Some people may be unable to answer questions in general because they may not know the answer as specifically as doctors would. Most patients’ knowledge of diseases is limited in itself to what they observe and experience. Thus, it is more general since the majority of the time they are not themselves physicians. In other situations, patients may become irritated when asked these questions because they expect the doctor’s to know and determine the answers because it is their job to treat them. After all, the doctors are the ones who went to medical school. For example, if the physicians were to ask the Lees how severe they thought the sickness was and whether it would have a short or long course, Fadiman believes they would have said, “Why are you asking us those questions? If you are a good doctor, you should the answers yourself” (Fadiman 260). If a person were to develop an attitude such as this because he or she was asked these questions, then it begins to compromise the doctor’s position in terms of intelligence and ability to develop a better relationship with his or her patient. Therefore, Arthur Kleinman has three recommendations for cross-cultural medicine, specifically to Lia’s case. He believes that compliance should be eliminated as a term because it suggests that the
The patient must be told what is to be done and why. It is essential to regard patient autonomy and his participation in health service so they could enhance their knowledge & complications about disease (12, 13). Hence, patient can accelerate his recovery by participating in decision making (1, 2). It is also a defence tool for hospital against claimants and it should have requirements, such as: presenting information to patient by attending physician, patient perception and authority, patient competency in decision making, and factors affecting on patient- physician interaction (3, 4). Patient treating without his informed consent probably can sues and consent with reluctance, fear or japery is not valid. So it is a kind of risk management and indicates responsible person (14). In taking informed consent, clinician should pursue ethics and pay their respects to patient decisions about practice and his autonomy. Consent should be voluntary and patient should have a good perception of nature of proposed practice. Because, legally, any practice without consent is equal public rights violation
It is important to understand effective communication when working in health and social care. Communication should be clear and understood by the person you are having a conversation with. It is important to consider verbal communication as well as non-verbal communication and should be adapted to the service users’ ability to understand the conversation. Factors that affect communication are the location of the conversation and noise levels. To consider if the conversation should be private or to have a conversation while carrying out an activity together. The type of relationship you have with service user will encourage them to speak to you about problems they might have. The positioning of chairs at an angle and using a table will make
Communication is described as the interchange of information, thoughts, and feelings between individuals using dialog or other methods (Kourkouta, & Papathanasiou, 2014). Communication between patients, nurses, and other healthcare professionals can influence the patient outcome subsequently, understanding what establishes an effective communication will be beneficial for nurses and other healthcare professionals. Having the skills to articulate efficiently exists beyond having verbal skills. According to Wright (2012), to establish effective communication, a nurse should develop the use of nonverbal cues such as body language, demonstrating active listening skills to facilitate assurance that the interaction remains successful, and having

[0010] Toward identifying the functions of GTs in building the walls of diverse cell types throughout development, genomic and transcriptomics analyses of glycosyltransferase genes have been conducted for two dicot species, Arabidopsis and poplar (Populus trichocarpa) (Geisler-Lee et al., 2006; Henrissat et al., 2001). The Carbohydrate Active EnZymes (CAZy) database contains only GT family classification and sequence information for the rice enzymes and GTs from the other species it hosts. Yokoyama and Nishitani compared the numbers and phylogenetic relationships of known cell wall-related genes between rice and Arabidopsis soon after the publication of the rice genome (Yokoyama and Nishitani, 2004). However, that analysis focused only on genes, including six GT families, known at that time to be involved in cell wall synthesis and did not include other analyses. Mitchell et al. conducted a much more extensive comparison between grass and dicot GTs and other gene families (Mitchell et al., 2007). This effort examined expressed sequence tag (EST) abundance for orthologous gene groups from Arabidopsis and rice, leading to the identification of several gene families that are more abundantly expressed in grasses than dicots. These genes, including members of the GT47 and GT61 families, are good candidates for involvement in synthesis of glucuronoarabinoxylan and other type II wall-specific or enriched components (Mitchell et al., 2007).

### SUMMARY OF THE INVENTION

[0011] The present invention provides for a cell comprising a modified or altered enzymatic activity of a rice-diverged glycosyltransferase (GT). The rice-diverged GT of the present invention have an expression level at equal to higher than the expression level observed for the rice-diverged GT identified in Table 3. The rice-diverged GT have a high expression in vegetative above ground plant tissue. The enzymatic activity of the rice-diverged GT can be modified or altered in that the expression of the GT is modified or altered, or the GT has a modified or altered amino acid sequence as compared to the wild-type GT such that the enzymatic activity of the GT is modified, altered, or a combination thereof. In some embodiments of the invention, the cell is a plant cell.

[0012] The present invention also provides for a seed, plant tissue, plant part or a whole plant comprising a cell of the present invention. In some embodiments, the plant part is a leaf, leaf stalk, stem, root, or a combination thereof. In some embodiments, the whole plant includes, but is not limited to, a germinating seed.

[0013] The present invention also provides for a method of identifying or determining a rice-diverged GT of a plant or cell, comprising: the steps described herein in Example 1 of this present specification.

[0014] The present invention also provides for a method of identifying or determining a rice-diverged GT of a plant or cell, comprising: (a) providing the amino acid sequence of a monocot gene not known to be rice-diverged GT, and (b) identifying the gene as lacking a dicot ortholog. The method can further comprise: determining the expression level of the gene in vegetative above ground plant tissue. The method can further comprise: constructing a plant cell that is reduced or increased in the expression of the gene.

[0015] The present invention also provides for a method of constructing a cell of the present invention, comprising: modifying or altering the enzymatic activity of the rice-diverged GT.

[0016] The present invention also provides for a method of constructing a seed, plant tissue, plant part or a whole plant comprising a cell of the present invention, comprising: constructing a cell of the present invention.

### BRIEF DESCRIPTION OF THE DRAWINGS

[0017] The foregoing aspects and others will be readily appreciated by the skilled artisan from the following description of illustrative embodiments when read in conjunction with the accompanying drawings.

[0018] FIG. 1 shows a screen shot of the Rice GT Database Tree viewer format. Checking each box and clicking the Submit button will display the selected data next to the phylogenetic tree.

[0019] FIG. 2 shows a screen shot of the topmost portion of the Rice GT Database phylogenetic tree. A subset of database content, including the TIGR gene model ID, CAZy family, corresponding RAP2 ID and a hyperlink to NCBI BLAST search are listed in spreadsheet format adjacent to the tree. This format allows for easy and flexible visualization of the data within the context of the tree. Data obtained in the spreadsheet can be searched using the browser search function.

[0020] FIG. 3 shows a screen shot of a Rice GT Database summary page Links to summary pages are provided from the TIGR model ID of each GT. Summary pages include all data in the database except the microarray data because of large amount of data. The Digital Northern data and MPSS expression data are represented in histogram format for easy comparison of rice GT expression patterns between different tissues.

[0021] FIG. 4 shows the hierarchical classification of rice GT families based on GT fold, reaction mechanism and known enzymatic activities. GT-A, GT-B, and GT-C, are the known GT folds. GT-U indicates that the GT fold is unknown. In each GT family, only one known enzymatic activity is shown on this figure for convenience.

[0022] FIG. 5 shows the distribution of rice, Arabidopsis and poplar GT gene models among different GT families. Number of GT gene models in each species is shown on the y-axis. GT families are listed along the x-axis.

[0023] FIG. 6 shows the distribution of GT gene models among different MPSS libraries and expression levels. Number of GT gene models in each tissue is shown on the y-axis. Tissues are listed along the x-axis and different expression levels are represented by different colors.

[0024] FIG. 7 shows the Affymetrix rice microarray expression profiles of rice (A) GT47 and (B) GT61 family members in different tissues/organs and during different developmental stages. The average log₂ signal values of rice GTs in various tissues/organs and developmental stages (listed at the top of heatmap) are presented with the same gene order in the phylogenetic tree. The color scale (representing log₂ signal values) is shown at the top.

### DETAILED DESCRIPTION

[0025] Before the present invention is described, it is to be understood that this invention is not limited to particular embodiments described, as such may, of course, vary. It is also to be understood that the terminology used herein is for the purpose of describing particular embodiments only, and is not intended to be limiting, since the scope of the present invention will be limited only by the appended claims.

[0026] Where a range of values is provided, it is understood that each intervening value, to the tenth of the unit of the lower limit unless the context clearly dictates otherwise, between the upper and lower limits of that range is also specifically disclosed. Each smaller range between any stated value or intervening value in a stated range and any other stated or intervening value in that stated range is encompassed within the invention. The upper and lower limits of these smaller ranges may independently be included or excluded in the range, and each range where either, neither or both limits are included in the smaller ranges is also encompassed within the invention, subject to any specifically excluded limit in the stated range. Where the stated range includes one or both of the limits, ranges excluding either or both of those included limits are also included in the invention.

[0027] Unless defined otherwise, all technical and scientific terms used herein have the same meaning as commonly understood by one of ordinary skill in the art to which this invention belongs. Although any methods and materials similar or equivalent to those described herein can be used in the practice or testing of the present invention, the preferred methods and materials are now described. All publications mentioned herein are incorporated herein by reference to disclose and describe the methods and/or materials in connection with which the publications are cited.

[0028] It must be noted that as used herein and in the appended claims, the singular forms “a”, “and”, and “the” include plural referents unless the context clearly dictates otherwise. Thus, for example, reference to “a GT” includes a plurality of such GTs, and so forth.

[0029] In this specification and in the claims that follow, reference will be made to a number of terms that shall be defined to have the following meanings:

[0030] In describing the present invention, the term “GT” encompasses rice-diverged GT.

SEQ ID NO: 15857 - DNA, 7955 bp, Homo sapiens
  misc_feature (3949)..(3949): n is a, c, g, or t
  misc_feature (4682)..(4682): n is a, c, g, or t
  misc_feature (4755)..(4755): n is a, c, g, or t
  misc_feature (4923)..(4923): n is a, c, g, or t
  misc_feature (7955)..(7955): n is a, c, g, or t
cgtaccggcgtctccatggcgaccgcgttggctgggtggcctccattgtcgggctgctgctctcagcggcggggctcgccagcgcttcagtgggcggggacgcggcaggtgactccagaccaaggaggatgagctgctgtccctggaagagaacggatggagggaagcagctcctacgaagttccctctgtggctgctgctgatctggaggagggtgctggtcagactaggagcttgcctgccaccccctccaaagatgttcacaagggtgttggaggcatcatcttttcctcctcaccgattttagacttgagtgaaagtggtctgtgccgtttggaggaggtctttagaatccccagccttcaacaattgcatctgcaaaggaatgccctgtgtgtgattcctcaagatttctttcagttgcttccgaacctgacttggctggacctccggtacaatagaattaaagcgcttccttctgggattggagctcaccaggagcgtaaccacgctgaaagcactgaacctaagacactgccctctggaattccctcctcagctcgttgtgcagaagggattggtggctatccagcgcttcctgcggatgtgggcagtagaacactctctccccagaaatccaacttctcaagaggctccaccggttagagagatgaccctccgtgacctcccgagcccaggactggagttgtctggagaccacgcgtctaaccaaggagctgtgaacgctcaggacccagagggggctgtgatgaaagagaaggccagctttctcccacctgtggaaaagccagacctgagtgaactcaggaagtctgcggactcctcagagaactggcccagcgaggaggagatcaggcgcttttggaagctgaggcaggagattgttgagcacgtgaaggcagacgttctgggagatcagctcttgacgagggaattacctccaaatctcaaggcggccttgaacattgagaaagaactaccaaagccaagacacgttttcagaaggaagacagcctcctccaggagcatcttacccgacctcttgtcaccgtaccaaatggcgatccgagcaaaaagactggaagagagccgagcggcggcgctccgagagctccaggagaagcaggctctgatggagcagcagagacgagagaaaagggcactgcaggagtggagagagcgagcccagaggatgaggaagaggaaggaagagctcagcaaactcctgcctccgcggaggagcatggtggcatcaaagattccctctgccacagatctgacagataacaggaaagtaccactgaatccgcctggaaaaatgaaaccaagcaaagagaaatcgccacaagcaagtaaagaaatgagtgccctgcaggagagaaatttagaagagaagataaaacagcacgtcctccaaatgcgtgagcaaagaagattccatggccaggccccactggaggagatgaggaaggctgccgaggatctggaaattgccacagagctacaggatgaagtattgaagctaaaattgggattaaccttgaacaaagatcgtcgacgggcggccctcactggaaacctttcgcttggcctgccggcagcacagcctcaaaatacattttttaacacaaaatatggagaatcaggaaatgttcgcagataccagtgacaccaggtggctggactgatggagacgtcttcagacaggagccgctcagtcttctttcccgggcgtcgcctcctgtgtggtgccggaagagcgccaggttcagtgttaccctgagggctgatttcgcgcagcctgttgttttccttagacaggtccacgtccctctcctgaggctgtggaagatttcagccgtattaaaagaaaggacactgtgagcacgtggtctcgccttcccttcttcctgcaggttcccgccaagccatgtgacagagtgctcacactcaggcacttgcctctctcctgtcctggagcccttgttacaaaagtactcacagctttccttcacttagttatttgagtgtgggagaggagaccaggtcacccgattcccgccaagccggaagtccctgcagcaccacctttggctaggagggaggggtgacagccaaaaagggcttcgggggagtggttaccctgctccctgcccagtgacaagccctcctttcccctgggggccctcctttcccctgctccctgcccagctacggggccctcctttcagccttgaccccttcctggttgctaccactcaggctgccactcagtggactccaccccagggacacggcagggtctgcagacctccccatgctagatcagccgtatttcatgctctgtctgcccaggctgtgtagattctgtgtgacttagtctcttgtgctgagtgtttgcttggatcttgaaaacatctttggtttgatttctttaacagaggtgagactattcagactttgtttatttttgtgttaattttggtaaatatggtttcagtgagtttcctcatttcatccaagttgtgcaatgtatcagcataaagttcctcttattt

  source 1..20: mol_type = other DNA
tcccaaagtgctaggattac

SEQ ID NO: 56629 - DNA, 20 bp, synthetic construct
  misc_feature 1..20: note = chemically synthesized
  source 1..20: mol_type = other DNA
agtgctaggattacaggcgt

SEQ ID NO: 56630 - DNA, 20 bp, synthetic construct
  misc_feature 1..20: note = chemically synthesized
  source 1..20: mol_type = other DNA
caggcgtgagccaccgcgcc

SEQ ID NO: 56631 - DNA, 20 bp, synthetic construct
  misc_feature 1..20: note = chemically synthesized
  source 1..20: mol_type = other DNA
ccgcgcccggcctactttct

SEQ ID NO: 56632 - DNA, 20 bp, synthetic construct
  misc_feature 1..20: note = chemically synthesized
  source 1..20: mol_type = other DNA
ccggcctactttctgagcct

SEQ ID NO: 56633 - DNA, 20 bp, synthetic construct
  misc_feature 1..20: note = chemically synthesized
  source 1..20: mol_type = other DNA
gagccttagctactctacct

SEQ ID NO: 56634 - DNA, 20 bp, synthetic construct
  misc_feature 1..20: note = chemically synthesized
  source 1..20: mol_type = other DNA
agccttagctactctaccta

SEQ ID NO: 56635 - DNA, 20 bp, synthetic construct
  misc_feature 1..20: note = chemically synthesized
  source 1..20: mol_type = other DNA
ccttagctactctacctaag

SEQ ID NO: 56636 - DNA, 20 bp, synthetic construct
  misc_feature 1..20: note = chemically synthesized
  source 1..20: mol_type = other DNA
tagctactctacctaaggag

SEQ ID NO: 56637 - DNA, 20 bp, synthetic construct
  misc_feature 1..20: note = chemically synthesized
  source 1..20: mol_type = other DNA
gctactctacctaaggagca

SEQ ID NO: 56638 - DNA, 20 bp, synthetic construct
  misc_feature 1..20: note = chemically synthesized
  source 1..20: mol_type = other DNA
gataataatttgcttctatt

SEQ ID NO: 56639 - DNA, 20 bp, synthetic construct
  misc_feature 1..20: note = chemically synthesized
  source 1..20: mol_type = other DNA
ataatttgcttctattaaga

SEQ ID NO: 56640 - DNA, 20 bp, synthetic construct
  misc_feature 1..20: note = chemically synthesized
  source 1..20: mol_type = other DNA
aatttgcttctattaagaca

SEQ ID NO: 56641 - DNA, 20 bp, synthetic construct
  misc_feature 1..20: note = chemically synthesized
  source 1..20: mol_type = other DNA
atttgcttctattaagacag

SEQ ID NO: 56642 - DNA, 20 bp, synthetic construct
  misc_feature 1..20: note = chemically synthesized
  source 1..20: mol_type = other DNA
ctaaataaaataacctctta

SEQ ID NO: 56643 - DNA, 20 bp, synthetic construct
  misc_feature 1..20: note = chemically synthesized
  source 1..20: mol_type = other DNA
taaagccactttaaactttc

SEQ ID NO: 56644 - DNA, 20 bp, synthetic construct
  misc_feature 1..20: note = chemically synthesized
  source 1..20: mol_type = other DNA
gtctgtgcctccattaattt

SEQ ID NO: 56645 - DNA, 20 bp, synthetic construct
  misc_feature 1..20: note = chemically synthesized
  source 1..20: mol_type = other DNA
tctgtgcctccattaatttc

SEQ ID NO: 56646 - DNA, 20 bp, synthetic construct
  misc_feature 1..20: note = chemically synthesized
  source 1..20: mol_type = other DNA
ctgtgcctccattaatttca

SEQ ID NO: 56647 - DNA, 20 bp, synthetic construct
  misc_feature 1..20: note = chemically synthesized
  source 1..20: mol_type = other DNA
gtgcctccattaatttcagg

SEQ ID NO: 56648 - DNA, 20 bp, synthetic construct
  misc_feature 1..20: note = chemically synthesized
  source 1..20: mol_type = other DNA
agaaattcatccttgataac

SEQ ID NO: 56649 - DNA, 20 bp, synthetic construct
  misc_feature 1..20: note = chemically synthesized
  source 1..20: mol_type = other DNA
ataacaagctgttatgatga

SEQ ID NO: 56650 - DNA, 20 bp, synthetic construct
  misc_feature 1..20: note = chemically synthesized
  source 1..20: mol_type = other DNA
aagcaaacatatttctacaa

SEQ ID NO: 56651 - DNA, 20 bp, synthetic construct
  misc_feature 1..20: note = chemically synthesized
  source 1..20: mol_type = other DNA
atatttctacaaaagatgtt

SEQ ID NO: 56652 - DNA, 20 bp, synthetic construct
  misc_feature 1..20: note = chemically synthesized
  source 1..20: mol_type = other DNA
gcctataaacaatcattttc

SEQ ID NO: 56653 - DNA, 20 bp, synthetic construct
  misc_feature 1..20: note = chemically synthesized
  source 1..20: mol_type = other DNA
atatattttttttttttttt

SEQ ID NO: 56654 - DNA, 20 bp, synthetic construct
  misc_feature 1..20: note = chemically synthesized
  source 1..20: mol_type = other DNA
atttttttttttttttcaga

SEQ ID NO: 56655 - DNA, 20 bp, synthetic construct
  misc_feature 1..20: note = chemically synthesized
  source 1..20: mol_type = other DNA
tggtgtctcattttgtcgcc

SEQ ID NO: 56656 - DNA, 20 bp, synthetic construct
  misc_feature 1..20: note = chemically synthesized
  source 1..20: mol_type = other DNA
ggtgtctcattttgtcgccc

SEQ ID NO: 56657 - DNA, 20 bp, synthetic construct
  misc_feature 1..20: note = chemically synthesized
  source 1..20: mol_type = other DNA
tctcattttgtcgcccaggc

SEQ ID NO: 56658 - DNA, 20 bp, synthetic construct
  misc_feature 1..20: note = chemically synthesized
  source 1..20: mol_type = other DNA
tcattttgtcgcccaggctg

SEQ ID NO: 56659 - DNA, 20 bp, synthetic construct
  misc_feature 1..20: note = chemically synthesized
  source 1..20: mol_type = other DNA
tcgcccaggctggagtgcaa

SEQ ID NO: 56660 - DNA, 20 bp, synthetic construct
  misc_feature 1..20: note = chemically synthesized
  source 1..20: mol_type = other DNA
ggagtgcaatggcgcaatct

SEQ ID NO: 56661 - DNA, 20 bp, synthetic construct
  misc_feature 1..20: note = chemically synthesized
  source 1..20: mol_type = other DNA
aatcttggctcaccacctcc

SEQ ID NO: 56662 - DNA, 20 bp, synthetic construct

No matter how hard we may try, the importance of interprofessional collaboration in the healthcare system cannot be stressed enough. Of course, interprofessional care has a wide range of advantages in the smooth operating of a team. What is also to be taken into account, however, is the unbounded benefits from the patient’s perspective. As we all know – unfortunately many from our own experiences – the road to recovery requires not only the carefully calibrated skills and expertise of the individual but also the cooperation and constant communication of a vast team of healthcare providers. Through this complex operation come the many advantages to the patient’s treatment and overall health.
Paramedics must communicate effectively and appropriately to service users, relatives and other healthcare professionals, failure to do so may result in disciplinary action (HEALTH AND CARE PROFESSIONS COUNCIL 2012). When healthcare professionals communicate ineffectively Important information can be misinterpreted, creating confusion, ambiguity and anxiety, leading to hostile situations (McCABE & TIMMINS 2006).In England between 2011 and 2012, 10,986 complaints were made in relation to ineffective communication, and a further 12,571 related to the attitude of staff (NATIONAL HEALTH SERVICE 2012). This emphasises the importance of ensuring that the health care professional’s verbal and non-verbal communication both convey the same positive
Effective communication is an essential element of the relationship between dentist and patient in order to increase the efficiency and effectiveness of dental treatment. The aim of this weekly clinical shadowing of different dentists in various health centres was to enhance and develop an understanding of therapeutic communication skills in Brunei. In this report, I will be mainly focusing on the verbal and non-verbal communications, social cognition issues and ways to further improve the communication skills among dentists in Brunei based on notes obtained from the three reported patient sessions. This is because there has been less research on these topics with respect to dental care.